Reviews OWE & Fringe Published 9 December 2019

Bitch on Heat at Soho Theatre

5th - 14th December

A howl of despair: Maddy Costa writes on Leah Shelton’s latex-clad, lipsync take on the myth of Pandora’s box.

Maddy Costa
Leah Shelton in Bitch on Heat, photo by Sarah Walker.

Leah Shelton in Bitch on Heat, photo by Sarah Walker.

Before you read any further, do me a favour and follow this link to read the review of Bitch on Heat by Sumudu Samarawickrama on the Australian site Witness  It’ll save me having to explain what happens in the show, you’ll be supporting another not-for-profit criticism website as well as this one, and you’ll be giving attention to an indigenous woman who got more out of Leah Shelton’s show than me, but is also incisive in critiquing its limitations.

Done that? Right then: let’s talk about hope. The day before I went to see Bitch on Heat I was compulsively reading about antisemitism in the UK: a survey designed and analysed by Dr Daniel Allington (King’s College London) that argues that antisemitism is now more widespread among people who identify as politically far-left than those who are far-right; a long thread on twitter by Frances Weetman summarising the submission by Jewish Labour Movement to the Equality and Human Rights Commission; and an older blog by Asa Winstanley discrediting the JLM. On returning home from Bitch on Heat, I stayed up late reading every word of this Medium post by Sara Gibbs on the same topic. I’m laying all this out because it’s the context within which I watched Shelton perform, a context that conditioned how I felt when watching: punch-drunk devastation mingled with guilt that it has taken me until now to dedicate proper attention to this fraught dialogue friends of mine have long been engaged in.

Basically, I went to Bitch on Heat feeling devoid of hope, crushed between the rock of a Labour party charged with institutional antisemitism, the hard place of a Tory party whose racism not only flourishes untrammelled but has a rising death toll, and the brick wall of a general election whose outcome is uncertain. And all of this is immediately relevant because of the role of Pandora within the show. As explained by Samarawickrama, Bitch on Heat opens with Shelton latex-wrapped and lip/tit-pumped to look like a grotesque Barbie, puppeteered by a booming male voice which narrates the Greek myth of Pandora. Coyly she opens the cursed jar of plague and pestilence to spread evil across the world, revealing, in an acute twist, another latex doll that she blows up. For Hesiod, accredited author of the Pandora myth, the figure of this evil was woman. For Shelton, the name of this evil is misogyny. “I’m sorry,” lilts Brenda Lee on the soundtrack: but these two plastic women aren’t sorry so much as bearers of each other’s sorrow.

“Only Hope was left,” Hesiod writes of Pandora’s fateful jar. Samarawickrama doesn’t mention hope and that’s because Shelton’s version of the myth pretty much dispenses with it. She holds the blow-up doll first with care, then with fury, every fibre of her body taut with disgust that the old materials she is using – songs and instructional texts and movie clips from the 20th century – still hold currency, are not outdated yet. There is a powerful moment when Shelton’s own voice is heard, but then the soundtrack launches in to Martha Wainwright’s ‘Bloody Motherfucking Asshole,’ a song from 2005: even at its zenith, it felt to me, Bitch on Heat despairs at the lack of positive change that can be demonstrated in a world where Donald “grab them by the pussy” Trump holds an actual legitimate presidency. Humanity is thwarted and abused by its own inhumanity, evident everywhere from the writing of Hesiod’s contemporary Homer to the American constitution to Jewish persecution to the treatment of Palestinians to the homelessness crisis to the deaths of refugees, none of which would be categorised as a specifically “feminist” or “misogyny” issue.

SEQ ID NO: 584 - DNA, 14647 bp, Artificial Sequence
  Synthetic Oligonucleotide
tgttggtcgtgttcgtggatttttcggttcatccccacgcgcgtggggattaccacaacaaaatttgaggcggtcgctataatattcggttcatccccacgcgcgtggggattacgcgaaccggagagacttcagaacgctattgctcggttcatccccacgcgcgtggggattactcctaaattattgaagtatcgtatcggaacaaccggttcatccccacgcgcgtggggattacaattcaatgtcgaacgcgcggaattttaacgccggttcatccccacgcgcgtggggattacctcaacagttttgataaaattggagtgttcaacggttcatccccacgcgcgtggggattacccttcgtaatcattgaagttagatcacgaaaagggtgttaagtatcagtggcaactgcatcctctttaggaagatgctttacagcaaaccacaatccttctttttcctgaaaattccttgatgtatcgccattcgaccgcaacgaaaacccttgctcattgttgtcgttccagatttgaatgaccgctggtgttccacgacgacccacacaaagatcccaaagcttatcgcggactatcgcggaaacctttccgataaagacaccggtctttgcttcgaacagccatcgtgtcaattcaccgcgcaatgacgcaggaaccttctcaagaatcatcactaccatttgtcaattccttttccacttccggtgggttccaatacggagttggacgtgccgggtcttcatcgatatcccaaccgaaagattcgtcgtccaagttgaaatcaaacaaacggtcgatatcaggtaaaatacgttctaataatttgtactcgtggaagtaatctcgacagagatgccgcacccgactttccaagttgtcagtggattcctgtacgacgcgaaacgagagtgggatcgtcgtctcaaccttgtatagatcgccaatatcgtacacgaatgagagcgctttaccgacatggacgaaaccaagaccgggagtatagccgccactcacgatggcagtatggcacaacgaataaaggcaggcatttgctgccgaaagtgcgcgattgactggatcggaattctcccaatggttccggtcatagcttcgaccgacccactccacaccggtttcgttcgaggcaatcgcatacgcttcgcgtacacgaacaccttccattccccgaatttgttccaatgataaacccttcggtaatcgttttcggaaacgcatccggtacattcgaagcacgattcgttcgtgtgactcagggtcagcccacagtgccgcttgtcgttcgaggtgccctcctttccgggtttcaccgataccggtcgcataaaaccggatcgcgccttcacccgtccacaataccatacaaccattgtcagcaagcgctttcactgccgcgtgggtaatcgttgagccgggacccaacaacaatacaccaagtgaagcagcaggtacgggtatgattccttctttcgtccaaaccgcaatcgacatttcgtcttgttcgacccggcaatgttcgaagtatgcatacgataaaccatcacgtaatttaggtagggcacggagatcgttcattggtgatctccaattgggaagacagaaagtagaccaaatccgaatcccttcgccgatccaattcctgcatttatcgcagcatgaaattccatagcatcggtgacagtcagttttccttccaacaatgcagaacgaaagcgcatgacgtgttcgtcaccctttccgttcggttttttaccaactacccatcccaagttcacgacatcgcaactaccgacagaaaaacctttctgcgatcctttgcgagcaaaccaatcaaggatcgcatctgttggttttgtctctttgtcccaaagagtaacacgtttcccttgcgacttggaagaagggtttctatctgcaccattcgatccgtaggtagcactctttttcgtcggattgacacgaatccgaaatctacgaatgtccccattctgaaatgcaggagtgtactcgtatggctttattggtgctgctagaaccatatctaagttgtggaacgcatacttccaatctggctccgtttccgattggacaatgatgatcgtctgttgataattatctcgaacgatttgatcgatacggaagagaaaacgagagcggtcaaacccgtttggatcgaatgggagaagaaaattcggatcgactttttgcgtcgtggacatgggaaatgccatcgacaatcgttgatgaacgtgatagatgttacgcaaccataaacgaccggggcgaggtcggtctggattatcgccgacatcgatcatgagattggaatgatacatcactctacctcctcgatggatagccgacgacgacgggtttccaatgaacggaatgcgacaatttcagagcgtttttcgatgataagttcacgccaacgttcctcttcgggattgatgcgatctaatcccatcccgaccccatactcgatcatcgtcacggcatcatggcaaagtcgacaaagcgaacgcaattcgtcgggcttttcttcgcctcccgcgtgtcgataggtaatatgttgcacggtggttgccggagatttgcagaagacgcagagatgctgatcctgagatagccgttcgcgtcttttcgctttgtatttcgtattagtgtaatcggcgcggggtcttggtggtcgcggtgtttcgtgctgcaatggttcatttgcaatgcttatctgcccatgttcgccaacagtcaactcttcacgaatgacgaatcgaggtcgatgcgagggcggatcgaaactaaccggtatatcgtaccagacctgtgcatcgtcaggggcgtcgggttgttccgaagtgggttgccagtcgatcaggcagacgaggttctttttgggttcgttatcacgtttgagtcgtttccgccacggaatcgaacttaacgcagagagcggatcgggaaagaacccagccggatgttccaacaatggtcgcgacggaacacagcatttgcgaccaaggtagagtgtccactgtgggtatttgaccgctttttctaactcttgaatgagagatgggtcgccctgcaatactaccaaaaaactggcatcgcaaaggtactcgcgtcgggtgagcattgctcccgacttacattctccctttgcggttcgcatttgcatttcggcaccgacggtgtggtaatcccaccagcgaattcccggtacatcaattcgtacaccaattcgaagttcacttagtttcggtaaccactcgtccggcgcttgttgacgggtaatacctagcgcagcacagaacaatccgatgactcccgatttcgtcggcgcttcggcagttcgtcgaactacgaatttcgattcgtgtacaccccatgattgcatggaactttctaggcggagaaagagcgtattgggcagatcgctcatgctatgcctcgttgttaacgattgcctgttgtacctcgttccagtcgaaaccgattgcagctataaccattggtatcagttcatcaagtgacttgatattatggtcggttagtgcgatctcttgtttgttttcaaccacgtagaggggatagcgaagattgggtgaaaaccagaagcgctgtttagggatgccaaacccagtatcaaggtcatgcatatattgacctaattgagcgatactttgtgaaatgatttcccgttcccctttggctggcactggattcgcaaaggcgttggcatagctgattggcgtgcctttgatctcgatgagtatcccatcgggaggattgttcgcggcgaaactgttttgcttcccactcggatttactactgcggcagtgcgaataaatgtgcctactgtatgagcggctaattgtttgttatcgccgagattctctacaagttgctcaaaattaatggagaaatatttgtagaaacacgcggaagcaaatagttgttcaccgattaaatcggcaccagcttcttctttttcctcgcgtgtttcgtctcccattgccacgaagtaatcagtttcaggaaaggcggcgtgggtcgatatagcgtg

In an interview with London Student, Shelton talks about how she likes to “almost trick people” to see her work by “using forms like cabaret and comedy”: “they’ll still be entertained but maybe I’ve tricked them into thinking about feminism for a minute”. And perhaps if you arrived at Soho theatre at 10pm expecting to see a raunchy, feisty, girl-power show, Shelton’s disgust and fury might blaze at you from the stage. But if you come to the show as a confirmed feminist, sunk in despair about all the intersecting hatreds coursing through the millennia, freighted with hopelessness at your own ability to see-without-seeing the cruelty in the world, then Bitch on Heat might come across less like the growl of an attack dog with the strength to maul its enemies, and more the yelp of a pitiful creature still not resigned to being kicked.

Bitch on Heat is on at Soho Theatre till 14th December. More info here


Maddy Costa

Maddy Costa is a writer, dramaturg, researcher into socially engaged/participatory/community arts, daydreamer and fan of dogs. She works in collaboration with other artists/writers, including Andy Field on the Tiny Letter project Criticism and Love, and Mary Paterson and Diana Damian Martin on Something Other and The Department of Feminist Conversations. Things she likes making include zines, prints, spaces for conversation, cakes and 1950s-style frocks. She hosts a pop-up “book group for performance” called Theatre Club where she has all her best conversations about theatre.

Bitch on Heat at Soho Theatre Show Info

Produced by Quiet Riot

Directed by Ursula Martinez

Written by Leah Shelton

Cast includes Leah Shelton



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